The New Nation
Greenwood Publishing Group, 2002 - 296 Seiten
Most historical studies bury us in wars and politics, paying scant attention to the everyday effects of pop culture. Welcome to America's other history: the arts, activities, common items, and popular opinions that profoundly impacted our national way of life.
At the birth of the nation, when America's statesmen were laying the foundations of a new government, citizens were forging a popular culture to call their own. Patriotic symbols like the eagle and the profile of George Washington symbolized the virtues of the young nation. People from all classes--farmers, merchants, and the educated wealthy--turned away from European culture and began to recognize America's own prodigies. Homes, furnitures, fashions, and pastimes sprang from the new climate and topography. The styles, hobbies, and entertainments would evolve into the uniquely American popular culture we recognize today.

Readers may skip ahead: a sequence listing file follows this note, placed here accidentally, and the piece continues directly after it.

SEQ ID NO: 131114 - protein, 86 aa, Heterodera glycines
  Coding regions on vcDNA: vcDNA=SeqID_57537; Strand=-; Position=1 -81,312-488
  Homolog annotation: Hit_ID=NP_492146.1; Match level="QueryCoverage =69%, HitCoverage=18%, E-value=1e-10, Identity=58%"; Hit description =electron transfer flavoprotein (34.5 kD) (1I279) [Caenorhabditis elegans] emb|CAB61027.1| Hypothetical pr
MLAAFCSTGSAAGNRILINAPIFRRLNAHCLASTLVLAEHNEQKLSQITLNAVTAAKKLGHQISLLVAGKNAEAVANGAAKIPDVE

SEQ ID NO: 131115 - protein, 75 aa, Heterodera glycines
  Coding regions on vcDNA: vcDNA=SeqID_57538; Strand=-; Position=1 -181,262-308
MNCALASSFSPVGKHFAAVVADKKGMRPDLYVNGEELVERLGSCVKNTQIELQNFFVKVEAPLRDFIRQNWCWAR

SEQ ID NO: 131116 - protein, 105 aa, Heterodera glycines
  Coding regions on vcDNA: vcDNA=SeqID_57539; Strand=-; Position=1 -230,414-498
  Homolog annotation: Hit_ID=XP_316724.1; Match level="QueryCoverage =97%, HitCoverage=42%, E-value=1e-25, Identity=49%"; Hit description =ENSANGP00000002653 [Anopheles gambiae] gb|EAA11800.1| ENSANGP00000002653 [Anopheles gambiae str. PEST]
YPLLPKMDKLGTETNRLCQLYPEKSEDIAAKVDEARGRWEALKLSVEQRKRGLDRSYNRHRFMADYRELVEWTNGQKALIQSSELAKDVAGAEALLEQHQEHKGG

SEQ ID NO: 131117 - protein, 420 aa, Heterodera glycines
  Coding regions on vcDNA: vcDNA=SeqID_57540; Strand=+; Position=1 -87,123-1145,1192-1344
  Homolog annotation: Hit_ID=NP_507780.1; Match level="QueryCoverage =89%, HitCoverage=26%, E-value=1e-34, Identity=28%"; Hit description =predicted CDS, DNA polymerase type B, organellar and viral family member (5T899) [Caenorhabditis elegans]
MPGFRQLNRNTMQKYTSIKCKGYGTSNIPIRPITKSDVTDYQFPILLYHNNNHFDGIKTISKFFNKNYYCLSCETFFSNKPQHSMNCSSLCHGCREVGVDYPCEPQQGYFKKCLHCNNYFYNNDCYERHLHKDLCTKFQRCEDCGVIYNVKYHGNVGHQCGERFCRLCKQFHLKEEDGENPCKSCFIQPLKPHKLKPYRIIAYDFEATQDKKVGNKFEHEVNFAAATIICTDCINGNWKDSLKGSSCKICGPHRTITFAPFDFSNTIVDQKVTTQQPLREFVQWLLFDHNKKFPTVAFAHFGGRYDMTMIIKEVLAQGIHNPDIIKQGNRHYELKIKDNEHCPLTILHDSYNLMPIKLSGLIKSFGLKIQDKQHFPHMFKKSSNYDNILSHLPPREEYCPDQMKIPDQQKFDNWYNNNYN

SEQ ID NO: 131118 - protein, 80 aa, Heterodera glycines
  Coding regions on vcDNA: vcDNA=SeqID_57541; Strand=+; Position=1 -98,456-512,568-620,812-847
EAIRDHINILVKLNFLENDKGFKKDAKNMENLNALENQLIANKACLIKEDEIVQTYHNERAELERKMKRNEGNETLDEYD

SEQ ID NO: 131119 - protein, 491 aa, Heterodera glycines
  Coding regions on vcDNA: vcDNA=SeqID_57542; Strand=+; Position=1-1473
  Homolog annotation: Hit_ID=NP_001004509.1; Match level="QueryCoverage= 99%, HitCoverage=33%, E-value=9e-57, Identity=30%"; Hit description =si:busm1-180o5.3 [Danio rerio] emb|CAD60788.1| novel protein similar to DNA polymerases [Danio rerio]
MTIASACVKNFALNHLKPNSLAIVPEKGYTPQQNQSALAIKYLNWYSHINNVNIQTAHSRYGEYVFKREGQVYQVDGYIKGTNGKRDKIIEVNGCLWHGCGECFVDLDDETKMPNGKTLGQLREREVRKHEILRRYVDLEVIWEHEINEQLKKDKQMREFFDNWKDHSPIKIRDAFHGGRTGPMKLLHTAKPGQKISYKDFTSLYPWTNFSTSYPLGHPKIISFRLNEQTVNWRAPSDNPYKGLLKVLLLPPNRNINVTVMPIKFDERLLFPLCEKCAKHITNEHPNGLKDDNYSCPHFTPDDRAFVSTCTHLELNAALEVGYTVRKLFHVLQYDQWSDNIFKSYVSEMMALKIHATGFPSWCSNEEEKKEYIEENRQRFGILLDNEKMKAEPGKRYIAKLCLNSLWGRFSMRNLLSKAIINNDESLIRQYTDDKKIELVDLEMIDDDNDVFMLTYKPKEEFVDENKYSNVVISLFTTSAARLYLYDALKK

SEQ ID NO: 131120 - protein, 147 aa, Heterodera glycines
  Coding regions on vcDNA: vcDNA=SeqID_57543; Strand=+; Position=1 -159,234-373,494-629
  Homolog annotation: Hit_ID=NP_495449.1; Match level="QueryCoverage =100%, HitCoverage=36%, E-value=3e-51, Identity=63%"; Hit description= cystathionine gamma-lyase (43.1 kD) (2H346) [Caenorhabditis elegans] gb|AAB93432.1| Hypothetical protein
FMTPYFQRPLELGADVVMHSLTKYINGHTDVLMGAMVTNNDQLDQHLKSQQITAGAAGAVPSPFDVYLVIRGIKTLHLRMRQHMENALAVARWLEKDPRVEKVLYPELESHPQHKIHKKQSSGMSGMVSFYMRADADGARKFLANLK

Early American artists such as Benjamin West, John Singleton Copley, and Charles Wilson Peale emerged along with original contributions to culture, including:
- The first novels for women
- The first American music, a unprecedented blend of religious hymns, African tribal music, and folk songs from the Middle Ages
- Ninepins and skittles, the forerunners of bowling
- Architecture incorporating the classical styles of Greece and Rome.
A wealth of facts, information, and interesting sidelights not available elsewhere makes this a treasure trove for students and interested readers.